Student Perceptions of Copyrighted Material on the Internet
By Trisha Brewer
Technological advances occur faster than society can comprehend the full impact they will have;
governments struggle with the legal implications of attempting to apply laws to situations that did not previously exist, while parents struggle to understand the meaning these advances may have as they teach their children right from wrong. Copyright law is one such area of concern, since these advances provide consumers the opportunity to copy and distribute pirated versions of copyrighted material, which may be indistinguishable from the original. As technologies evolve, it becomes more difficult to determine the circumstances under which copyrighted material may be utilized before copyrights are violated. What do students understand about the use of copyrighted material from the Internet? Do they believe content for sale on the Internet should be treated the same as its equivalent version found at the local store? Do they feel it is wrong to obtain and use pirated material?
To determine student perceptions of copyrights on the Internet, I developed a 43 question survey on Survey Monkey for distribution among a group of students enrolled in a technology program at a Michigan University. The University’s College of Technology Human Subjects Review Committee approved the questions and a pilot study was conducted among a group of students who were not members of the study population. Feedback from the pilot study was used to further refine the survey, which was made available to the study group in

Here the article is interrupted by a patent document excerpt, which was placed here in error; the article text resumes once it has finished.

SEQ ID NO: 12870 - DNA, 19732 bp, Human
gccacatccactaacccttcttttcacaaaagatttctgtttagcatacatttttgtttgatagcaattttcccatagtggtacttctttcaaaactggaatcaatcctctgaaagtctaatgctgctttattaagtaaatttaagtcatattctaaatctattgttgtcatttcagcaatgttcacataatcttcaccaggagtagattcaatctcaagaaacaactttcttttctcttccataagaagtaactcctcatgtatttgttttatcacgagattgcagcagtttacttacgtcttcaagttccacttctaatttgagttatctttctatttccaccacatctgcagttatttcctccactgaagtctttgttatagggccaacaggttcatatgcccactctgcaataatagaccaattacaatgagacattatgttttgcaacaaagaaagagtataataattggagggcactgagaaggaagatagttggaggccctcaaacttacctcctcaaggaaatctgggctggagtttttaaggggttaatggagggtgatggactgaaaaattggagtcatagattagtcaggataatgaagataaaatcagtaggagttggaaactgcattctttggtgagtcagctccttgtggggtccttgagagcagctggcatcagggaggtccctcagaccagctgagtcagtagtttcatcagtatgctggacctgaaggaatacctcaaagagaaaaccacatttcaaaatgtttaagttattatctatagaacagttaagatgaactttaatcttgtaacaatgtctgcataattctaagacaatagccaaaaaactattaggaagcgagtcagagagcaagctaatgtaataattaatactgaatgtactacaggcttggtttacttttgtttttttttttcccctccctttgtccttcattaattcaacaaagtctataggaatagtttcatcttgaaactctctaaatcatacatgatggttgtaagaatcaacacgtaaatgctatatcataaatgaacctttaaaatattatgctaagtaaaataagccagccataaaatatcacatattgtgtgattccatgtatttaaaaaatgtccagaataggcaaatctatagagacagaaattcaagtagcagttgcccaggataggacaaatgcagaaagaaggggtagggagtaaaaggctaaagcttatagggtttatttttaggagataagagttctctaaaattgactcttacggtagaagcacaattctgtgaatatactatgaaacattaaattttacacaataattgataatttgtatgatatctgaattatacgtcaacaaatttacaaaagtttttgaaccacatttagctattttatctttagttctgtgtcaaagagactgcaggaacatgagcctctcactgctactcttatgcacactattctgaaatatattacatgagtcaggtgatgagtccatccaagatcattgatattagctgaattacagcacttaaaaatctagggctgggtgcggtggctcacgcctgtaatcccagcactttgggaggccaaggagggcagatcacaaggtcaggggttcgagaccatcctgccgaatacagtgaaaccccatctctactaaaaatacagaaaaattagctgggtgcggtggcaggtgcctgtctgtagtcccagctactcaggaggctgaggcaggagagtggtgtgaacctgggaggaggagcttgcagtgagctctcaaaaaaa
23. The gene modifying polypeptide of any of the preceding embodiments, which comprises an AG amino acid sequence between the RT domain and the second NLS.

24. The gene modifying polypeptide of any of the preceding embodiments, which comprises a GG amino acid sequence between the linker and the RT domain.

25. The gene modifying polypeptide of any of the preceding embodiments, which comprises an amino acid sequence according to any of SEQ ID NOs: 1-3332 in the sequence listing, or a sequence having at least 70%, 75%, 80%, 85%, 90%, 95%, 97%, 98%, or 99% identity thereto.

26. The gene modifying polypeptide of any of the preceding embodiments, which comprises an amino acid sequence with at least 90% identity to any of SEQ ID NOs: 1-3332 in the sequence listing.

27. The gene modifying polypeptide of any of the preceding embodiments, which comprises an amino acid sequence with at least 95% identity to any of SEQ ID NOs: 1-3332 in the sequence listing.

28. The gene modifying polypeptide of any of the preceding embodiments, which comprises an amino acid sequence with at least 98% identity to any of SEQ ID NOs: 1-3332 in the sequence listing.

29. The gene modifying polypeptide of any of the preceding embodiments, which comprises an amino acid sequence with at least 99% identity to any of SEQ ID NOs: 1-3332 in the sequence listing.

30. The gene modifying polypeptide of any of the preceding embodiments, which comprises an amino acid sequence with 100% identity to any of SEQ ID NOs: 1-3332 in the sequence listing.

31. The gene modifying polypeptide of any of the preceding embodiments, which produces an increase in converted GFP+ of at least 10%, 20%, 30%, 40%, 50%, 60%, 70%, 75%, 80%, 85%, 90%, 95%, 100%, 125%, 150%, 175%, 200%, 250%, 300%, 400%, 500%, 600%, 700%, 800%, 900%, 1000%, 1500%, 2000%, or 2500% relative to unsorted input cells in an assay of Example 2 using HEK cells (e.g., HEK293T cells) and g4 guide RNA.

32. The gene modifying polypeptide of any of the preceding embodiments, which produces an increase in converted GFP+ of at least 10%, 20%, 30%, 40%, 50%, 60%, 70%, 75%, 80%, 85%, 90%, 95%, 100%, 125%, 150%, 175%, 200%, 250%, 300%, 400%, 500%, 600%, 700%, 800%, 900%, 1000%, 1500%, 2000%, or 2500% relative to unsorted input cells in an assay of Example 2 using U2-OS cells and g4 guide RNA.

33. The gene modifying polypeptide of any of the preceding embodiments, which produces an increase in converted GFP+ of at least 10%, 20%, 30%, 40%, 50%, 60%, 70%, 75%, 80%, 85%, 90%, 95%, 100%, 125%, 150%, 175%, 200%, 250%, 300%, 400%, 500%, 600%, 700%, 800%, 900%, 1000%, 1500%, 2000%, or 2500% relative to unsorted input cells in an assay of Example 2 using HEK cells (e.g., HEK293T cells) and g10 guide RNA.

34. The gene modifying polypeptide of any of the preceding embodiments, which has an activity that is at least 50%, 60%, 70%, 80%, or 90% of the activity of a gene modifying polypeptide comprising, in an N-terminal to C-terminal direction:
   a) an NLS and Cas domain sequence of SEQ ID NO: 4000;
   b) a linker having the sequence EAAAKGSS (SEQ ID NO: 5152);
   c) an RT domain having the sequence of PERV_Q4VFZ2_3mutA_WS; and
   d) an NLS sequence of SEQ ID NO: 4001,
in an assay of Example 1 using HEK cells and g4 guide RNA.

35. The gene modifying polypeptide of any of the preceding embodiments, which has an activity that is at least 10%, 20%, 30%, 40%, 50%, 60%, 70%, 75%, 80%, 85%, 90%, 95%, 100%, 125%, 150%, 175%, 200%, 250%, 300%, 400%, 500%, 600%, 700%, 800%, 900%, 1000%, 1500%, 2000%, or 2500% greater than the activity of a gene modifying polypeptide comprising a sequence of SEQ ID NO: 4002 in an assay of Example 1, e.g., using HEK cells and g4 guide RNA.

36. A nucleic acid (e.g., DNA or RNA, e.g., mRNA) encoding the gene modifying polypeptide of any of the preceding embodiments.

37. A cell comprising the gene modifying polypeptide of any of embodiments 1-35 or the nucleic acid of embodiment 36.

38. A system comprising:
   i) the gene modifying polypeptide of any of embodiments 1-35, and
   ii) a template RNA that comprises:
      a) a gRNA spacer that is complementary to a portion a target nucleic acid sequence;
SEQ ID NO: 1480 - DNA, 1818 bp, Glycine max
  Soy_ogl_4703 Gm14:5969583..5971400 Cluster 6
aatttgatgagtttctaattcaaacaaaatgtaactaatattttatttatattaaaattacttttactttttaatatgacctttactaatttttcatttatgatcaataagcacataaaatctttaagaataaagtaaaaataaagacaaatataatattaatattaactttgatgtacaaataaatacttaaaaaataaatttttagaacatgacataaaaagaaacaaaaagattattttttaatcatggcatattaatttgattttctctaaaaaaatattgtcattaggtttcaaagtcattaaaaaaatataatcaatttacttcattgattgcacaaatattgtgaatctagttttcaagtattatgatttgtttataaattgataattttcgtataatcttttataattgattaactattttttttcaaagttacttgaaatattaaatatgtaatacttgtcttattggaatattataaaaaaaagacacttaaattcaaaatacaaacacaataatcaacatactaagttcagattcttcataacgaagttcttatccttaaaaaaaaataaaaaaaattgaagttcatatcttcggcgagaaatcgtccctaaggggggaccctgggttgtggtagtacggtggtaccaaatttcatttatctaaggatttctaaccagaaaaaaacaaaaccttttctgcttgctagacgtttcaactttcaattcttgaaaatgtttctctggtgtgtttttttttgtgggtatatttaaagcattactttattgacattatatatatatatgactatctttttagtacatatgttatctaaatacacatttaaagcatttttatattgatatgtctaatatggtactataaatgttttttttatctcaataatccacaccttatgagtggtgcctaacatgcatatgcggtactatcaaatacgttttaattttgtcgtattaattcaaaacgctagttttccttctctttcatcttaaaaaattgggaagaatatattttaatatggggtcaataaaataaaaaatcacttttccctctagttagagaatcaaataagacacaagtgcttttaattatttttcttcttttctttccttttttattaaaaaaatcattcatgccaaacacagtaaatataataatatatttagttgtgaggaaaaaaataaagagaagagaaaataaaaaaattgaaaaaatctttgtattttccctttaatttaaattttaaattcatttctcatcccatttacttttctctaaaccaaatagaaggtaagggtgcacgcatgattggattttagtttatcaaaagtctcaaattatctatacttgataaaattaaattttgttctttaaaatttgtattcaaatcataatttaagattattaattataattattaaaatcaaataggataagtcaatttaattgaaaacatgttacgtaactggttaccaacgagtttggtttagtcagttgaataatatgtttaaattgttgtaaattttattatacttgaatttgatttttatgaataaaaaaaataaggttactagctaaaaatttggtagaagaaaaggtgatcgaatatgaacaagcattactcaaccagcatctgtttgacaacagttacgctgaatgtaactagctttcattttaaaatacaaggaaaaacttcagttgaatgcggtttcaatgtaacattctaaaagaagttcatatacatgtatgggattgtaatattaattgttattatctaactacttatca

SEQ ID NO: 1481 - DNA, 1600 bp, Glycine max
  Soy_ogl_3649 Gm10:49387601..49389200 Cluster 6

October 2010. The survey began with a general definition of copyright law as defined by the United States Copyright Office website: www.copyright.gov
, and contained a variety of questions regarding students’ past use of several types of Internet content.
Of the total study population of 243 students, 61 (25%) completed a survey. The majority of these students were male seniors as indicated in Table 1:
• Fifty respondents (82%) indicated that at least one class during their college career had included a discussion about copyrights.
• Thirty respondents (50%) reported that they are more concerned with the cost of an item available for purchase on the Internet than they are about how that item is obtained.
• Thirty-nine respondents (64%) understand copyright violations to be difficult to track on the Internet.
One area of the survey gave students the opportunity to voice opinions of copyright law as it relates to the Internet and to discuss how those opinions affect Internet behavior:
Distribution by Class Rank: Freshman
Sophomore Junior Senior
1 (2%) 10 (16%) 16 (26%) 33 (54%) 1 (2%)
Fall 2011 |
Distribution by Gender: Female Male
5 (8%) 56 (92%)
student Beliefs about Copyrights on the internet
Students were asked to comment on whether or not they disregard copyrights and, if they do, to select from among several possible explanations, as shown in Table 2. Respondents were permitted to mark as many choices as needed. Fifty- three students responded to this question.
Sixteen (30.2%) of the respondents supplied additional comments in support of the reasons for their current Internet behavior:
• Seven respondents cited lack of funds as a reason for obtaining pirated material.
• Two respondents specifically cited RIAA and MPAA for taking unfair advantage of artists and consumers.
• Other comments included statements about copyrights being “bogus” and that current copyright law is “archaic” and not in touch with today’s technology.
• On a positive note, two respondents commented that education about copyrights and clarification of copyright infringement has changed the way they behave on the Internet.
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